Skip to main content

Ju Chan-yang - what a mighty woman (Korea Times, January 14, 2014)



Ju Chan-yang - what a mighty woman

음성듣기
By Casey Lartigue, Jr.

I was honored to be a featured speaker at the second-annual Asia Liberty Forum, hosted by the Asia Center for Enterprise from Jan. 7-9 in New Delhi, India.

As much as I enjoyed speaking and, as part of the entertainment, rapping to my revised version of Salt N Pepa's 1990s song "Whattaman," that couldn't compare to the thrill I had being able to introduce and moderate the closing address that was given by North Korean refugee Ju Chan-yang.

I first met Chan-yang in March 2012 in Seoul at a rally protesting the repatriation of North Korean refugees from China to North Korea. She was then a recent escapee.

I didn't know then that she had been captured in China and held in a refugee prison in Thailand during her escape to freedom. She was freed, thanks to bribes paid by NGOs.

I did my best to set the context of her speech for those unfamiliar with the plight of North Koreans oppressed by the Kim dynasty.

One, as a teenager, she was making life-and-death decisions. She was subjected to constant questioning by North Korean police eager to incarcerate her because other family members escaped.

She lived on her own in North Korea for three years, working in a factory, unsure of her future, worried if she would suddenly be jailed if she answered a question from police incorrectly.

Two, she escaped after being captured and imprisoned, but let's remember there are many women like Chan-yang who get caught, sent back to North Korea, raped, abused, tortured, even executed.

Even her luck is bittersweet. She is a free woman, but she must think about things that never come to mind to those of us born into freedom.

For example, I reminded the audience that most of us had been inconvenienced by flights to New Delhi being canceled on Jan. 6 due to inclement weather.

For Chan-yang, leaving the airport to stay in Shanghai overnight forced her to return to the scene of her "crime." The "man-stealers and woman-whippers" of North Korea, to borrow a term from 19th century American abolitionist William Lloyd Garrison, have an agreement with China that would have brought smiles to the faces of slave owners and slave catchers throughout history.

North Korea still considers Chan-yang to be a criminal, a fugitive, for daring to steal herself away to freedom, and China returns freedom-seeking fugitives back to the prison known as the Democratic People's Republic of Korea. The price of being born in North Korea means that she is never really free.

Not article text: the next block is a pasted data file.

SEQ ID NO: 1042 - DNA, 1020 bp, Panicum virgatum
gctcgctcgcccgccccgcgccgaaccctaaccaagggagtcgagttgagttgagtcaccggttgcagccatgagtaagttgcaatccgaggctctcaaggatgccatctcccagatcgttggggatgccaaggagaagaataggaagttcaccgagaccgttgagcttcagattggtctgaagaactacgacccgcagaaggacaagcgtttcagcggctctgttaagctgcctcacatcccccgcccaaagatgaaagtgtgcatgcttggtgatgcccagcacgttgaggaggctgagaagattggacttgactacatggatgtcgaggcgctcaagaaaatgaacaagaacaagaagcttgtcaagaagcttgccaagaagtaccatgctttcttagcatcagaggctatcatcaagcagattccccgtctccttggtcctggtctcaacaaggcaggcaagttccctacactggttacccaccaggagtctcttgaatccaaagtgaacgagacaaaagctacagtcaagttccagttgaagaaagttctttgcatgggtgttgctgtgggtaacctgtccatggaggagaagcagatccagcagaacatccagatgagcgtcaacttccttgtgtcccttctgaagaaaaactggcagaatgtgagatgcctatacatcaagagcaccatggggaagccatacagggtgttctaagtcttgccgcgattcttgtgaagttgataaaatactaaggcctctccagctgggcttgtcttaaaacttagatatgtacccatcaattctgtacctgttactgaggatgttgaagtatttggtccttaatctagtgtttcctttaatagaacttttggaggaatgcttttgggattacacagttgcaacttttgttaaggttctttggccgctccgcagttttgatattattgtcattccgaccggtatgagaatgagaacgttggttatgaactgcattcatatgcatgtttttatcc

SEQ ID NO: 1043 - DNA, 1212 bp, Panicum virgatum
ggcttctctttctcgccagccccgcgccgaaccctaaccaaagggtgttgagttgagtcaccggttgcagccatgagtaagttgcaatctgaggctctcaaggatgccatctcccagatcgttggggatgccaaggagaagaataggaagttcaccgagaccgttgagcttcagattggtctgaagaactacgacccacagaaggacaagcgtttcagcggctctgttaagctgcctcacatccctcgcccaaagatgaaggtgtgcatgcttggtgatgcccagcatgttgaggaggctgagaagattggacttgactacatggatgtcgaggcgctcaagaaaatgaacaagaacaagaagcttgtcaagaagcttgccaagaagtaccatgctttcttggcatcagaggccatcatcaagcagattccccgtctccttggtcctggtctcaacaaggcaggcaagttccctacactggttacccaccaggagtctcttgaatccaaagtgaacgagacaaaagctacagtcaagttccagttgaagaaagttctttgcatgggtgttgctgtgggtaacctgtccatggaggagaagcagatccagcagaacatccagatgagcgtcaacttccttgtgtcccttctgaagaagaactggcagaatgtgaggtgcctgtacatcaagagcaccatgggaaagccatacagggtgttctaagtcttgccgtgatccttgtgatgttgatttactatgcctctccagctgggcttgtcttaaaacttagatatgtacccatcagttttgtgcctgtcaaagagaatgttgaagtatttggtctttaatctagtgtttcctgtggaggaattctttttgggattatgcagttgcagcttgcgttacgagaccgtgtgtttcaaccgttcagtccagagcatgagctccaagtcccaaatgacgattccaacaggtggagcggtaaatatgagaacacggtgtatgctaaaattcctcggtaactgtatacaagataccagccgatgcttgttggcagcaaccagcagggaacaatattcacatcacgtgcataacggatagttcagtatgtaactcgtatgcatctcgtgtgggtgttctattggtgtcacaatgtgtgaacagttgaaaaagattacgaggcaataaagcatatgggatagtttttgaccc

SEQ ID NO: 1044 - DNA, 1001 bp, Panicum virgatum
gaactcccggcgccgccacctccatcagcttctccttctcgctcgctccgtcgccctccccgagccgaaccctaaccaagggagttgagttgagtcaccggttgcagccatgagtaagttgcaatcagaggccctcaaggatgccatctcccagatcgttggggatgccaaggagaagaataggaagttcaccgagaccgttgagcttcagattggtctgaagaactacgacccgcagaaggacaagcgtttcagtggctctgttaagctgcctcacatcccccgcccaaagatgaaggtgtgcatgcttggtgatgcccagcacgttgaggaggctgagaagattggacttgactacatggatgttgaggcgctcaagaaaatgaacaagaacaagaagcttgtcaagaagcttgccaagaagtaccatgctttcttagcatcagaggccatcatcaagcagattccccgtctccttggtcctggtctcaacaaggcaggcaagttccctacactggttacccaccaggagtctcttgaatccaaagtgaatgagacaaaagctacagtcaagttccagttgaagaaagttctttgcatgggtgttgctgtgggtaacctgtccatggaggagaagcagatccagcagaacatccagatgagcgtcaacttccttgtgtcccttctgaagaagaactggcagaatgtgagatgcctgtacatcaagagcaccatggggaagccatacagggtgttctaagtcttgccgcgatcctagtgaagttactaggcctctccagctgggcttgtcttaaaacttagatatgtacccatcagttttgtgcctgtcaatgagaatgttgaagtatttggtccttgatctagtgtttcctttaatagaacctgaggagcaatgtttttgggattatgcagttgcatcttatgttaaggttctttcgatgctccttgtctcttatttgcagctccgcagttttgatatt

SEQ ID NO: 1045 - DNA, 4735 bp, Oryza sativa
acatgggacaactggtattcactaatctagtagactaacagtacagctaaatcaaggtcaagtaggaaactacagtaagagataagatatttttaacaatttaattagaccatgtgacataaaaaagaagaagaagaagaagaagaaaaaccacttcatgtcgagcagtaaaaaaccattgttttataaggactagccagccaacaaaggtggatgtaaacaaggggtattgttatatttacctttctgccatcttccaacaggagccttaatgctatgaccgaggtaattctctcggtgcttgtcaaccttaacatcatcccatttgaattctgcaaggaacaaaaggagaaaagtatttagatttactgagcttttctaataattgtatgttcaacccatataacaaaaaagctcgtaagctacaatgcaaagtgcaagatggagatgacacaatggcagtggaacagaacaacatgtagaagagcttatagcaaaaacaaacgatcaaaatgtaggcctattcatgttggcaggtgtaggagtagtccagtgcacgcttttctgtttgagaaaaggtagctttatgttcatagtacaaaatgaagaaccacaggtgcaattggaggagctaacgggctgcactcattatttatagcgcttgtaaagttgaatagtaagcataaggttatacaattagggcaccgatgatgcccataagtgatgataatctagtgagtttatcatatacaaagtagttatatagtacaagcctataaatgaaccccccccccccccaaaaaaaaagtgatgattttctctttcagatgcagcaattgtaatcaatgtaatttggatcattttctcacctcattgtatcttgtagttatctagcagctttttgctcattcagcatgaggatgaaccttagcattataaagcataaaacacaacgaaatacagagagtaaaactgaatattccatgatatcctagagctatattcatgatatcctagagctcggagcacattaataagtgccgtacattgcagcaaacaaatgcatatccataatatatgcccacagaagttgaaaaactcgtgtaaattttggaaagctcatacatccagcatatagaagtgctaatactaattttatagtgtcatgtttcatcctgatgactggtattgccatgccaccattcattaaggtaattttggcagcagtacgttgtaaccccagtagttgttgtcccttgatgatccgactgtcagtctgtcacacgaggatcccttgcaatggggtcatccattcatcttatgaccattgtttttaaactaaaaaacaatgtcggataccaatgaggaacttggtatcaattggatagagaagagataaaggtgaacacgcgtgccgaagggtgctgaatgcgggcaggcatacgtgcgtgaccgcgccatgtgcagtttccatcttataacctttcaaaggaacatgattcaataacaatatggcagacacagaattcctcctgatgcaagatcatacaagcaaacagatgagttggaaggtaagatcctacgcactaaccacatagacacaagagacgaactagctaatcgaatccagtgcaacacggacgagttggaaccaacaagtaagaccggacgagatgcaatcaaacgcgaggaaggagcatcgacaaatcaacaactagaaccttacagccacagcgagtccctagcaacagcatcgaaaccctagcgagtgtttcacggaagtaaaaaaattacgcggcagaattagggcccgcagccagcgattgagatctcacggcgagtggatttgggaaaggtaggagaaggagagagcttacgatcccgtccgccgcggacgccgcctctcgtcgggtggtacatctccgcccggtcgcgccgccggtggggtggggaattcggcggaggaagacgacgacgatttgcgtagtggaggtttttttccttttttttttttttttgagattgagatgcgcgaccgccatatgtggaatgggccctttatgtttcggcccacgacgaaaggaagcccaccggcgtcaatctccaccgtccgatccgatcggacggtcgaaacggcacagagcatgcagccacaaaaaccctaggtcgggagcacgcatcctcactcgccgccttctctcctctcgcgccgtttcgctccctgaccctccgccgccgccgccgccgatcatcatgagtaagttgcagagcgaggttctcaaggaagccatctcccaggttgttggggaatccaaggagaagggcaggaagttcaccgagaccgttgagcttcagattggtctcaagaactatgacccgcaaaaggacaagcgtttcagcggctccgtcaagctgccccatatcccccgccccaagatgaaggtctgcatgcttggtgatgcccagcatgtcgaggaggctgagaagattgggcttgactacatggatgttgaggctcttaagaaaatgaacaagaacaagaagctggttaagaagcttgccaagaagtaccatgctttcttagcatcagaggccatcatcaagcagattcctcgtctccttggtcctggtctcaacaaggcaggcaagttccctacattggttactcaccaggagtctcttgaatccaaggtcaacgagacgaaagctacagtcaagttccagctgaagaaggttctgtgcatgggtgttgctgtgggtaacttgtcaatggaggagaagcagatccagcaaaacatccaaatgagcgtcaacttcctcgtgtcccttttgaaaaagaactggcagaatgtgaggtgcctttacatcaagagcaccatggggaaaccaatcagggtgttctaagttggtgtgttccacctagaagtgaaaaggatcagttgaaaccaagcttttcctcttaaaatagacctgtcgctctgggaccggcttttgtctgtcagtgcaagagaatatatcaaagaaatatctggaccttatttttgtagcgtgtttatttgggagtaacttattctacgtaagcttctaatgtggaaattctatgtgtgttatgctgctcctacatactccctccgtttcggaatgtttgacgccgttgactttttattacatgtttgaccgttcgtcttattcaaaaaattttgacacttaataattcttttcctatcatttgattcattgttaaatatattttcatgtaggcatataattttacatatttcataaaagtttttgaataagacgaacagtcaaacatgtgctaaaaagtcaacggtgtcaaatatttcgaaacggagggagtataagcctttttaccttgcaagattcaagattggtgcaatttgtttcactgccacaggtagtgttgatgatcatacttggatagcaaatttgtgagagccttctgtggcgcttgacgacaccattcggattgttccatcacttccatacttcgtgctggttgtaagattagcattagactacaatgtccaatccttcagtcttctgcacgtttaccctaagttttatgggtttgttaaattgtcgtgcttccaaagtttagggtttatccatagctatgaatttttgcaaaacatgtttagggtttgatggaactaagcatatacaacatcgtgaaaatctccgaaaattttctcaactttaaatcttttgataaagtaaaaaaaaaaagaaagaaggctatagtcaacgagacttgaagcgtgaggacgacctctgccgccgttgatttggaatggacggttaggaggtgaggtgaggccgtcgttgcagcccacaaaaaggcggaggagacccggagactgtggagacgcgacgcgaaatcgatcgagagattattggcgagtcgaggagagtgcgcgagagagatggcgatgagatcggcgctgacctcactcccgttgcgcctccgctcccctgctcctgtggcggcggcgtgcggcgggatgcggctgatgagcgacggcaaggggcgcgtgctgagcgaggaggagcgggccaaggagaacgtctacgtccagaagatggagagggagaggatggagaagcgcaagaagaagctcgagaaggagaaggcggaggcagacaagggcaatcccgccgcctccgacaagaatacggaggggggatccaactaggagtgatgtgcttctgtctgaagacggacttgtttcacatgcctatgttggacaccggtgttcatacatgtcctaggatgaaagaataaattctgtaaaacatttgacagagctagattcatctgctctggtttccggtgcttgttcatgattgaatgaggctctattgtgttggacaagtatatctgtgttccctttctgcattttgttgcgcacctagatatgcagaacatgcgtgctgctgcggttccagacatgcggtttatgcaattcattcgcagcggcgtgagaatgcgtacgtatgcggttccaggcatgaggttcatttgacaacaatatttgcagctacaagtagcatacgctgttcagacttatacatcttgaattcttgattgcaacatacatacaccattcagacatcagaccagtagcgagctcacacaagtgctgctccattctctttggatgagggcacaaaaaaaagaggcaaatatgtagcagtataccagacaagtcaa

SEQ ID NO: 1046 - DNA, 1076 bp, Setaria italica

"There wasn't a dry eye in the audience," wrote Tom Palmer, a vice president at the DC-based Atlas Foundation. Participants at the Asia Liberty Forum heard the story of a young girl whose family planned to escape for years, motivated by illegal radio broadcasts they listened to secretly. 

Chan-yang offered to be the last to escape, reasoning that her father could make money abroad while she could survive in North Korea making extra money in North Korea's underground market.

Several times during the trip, she told me that she felt she was dreaming. She wasn't just watching an Indian movie (American and South Korean movies are banned, but North Koreans are allowed to watch Indian movies) ― she was in India.

She was thrilled to meet people from around the world, to know that people outside of Korea are concerned about the liberty of North Koreans ― not just, as she said, while motioning with her hands, the "talking, talking, talking" topics of nuclear bombs and dictators.

Once confined to worshipping the Kim dictators, she is now a free woman, trying new languages, food, and cultures with gusto.

It was quite a sight seeing her taking photo selfies with a bindi (the red spot Indian women wear on their foreheads) that she bought while shopping.

She has been speaking in English since 2012 ― four months of formal study overall, self-study and a host of volunteers (special thanks to teacher/speech coach Cho Joo-yeon, as well as teachers Matthew Feinberg and Johanna Poole).

In Seoul, she is on the verge of stardom, bringing new threats to her freedom requiring police protection. She is now a regular participant on a popular cable TV show featuring North Korean female refugees and is active in the NGO community assisting North Korean fugitives.

It is the common things that are blessings for her. She says there are some mornings she doesn't want to get out of bed when she hears her mother cooking, her father in the living room and siblings talking, because she fears she is dreaming.